REDSTONE ARSENAL, Ala. -- For the AMCOM Safety Office, the spirit of the Combined Federal Campaign didn't end Dec. 11. It's a work in progress.

"We hear a lot about it, and then CFC ends," said Pat Vittitow, chief of the Safety Office. "They need help far more than just a couple of months during the CFC campaign."

This year Vittitow and her staff decided to make the CFC a yearlong outreach, adopting the Toney-Harvest Head Start Center, a service of Community Action Partnership. The center provides education, health, nutrition and other social services to 35 three-to-five-year-olds from low-income families in a double-wide trailer on Wall Triana Highway. Despite their good work, the center has not been exempt from painful budget cuts, which AMCOM Safety is determined to help ease.

"How much more can you cut'" Vittitow said. "They really need some help here. What that center could do with the price of one missile."

This fall, members of the office grabbed their toolboxes and set out to make a difference at the center, one washed window at a time. Their to-do list ran the gamut from washing windows and walls, repairing toilets and sinks, to replacing floor tiles. Some 18 volunteers from the AMCOM Safety Office, including wives and friends, transformed themselves into carpenters, plumbers and electricians, spending 10 hours of their Saturday making sure the school was clean and polished, and of course, safe. In addition to the staff's own donations, Jimmy's Green House in East Limestone and the Huntsville Botanical Gardens also donated goods to help beautify the school.

"The greatest part of the experience was how much of a difference we made in just a day," said Jeff Smith, a retired explosive ordnance disposal technician. "You start out with the goal to give back to the community, and the whole experience ends up giving back to you."

The office's outreach brought Toney-Harvest Head Start director Carolyn Townsend to tears.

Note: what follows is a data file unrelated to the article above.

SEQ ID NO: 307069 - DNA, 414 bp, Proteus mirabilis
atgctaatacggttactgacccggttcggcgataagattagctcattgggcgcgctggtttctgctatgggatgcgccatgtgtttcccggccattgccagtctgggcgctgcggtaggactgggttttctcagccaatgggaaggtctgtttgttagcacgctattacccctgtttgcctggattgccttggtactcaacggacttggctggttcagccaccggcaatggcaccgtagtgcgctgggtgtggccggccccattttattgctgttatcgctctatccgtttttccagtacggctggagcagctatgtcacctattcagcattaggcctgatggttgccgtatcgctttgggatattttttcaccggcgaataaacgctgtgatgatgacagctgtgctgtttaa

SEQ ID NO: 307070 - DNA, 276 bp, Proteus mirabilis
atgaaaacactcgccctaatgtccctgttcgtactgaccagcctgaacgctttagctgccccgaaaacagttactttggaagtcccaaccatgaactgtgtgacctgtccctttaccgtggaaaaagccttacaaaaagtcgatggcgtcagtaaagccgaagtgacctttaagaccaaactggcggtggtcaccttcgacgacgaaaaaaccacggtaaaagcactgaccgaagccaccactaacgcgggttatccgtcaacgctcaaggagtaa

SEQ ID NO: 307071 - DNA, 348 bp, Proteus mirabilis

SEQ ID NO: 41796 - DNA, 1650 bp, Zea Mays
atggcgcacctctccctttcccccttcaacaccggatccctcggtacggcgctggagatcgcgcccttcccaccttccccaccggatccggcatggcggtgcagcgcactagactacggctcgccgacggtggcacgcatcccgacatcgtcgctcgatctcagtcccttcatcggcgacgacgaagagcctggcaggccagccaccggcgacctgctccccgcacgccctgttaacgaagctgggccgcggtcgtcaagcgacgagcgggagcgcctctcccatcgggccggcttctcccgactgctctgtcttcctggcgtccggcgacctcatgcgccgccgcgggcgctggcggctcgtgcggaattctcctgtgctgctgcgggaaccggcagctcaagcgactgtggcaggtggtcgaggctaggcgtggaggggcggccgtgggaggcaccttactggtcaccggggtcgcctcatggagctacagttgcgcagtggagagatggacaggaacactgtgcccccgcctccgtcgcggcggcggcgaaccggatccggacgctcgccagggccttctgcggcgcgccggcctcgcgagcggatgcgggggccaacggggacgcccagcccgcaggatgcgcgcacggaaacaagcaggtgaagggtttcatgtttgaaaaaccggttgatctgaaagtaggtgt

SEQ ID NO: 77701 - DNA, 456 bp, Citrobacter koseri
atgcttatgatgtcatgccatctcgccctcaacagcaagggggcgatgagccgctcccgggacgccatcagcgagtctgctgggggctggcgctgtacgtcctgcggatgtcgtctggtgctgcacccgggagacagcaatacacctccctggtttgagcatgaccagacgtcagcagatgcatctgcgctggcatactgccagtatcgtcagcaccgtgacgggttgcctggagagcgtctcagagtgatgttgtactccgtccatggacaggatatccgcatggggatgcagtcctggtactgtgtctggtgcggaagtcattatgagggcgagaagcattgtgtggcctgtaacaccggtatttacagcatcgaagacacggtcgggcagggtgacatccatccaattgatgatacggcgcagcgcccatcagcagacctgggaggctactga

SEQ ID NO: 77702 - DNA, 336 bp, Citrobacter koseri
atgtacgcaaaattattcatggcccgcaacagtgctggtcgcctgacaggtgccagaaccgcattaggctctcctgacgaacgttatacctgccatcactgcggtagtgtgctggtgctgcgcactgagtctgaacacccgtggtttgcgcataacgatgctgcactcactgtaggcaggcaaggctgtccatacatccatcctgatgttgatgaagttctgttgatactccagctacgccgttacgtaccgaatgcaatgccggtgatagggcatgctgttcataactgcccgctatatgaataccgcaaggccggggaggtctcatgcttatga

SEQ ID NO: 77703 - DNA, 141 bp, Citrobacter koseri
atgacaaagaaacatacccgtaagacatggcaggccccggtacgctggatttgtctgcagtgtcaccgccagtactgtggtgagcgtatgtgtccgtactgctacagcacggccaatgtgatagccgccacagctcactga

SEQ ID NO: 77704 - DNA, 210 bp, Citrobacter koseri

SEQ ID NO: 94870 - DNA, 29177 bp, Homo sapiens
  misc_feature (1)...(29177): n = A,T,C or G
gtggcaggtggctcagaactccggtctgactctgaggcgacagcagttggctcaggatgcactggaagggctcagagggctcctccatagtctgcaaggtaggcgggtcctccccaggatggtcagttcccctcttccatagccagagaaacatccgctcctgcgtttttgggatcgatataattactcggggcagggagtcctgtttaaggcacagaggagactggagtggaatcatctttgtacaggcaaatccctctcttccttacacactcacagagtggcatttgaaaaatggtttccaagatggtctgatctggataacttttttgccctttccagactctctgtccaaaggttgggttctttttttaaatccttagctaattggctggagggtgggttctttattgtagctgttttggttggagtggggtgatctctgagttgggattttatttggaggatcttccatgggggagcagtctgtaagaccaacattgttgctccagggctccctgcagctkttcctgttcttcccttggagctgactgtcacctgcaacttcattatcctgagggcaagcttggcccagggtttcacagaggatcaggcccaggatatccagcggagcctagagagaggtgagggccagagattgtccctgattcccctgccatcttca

"I don't have the words, thank you is not enough," Townsend said. "Just knowing that the community of Redstone cared enough to render the services that they rendered. There were things that needed to be done to beautify the place to help us get away from the stigma of us being a Head Start facility. Even though we service the economically deprived, we don't look economically deprived."

Townsend's tears and the children's smiles when they saw their new and improved school was enough thank you for Vittitow's volunteers.

"The reactions of the Head Start coordinator and the children are better than any form of thank you or recognition," Smith said. "I can still picture the woman at Head Start in tears as we charged through her wish list with a vengeance, and I can still feel the genuine hug she gave us all as we left that evening."

Nationally, Head Start has enrolled more then 25 million students since it began in 1965, according to the U.S. Department of Health and Human Services. In fiscal year 2007, some 16,734 students were enrolled in a Head Start school in Alabama.

"These children are our future, and it is our job as Americans to make sure they have a good environment to learn and grow," said Glenanne Johnson, a safety engineer who helped coordinate and plant gardens around the school's storm shelter. "The only way that our country will grow and continue to prosper is by providing education to everyone, regardless of their income level or social status. Knowledge passed along is something that no one can ever take away from you - it will guide your life and your family forever. Programs like Head Start take the time to teach underprivileged children, keep our country strong and pave the way for our future."

The Safety Office's work didn't end with their fall cleaning day. The staff continues to dialogue with the center on a regular basis, collecting basic everyday items they may need, such as notebooks, markers or crayons. Vittitow and Soldiers regularly visit the school to read to the children. This spring, the office plans to make a second visit to finish up any repairs and beautification they were unable to complete in the fall.

"It's almost like paying it forward," Vittitow said. "You never know what it's going to start. They always had enough to do the minimum, but that's all they had. It's just amazing."

Page last updated Fri July 22nd, 2011 at 12:16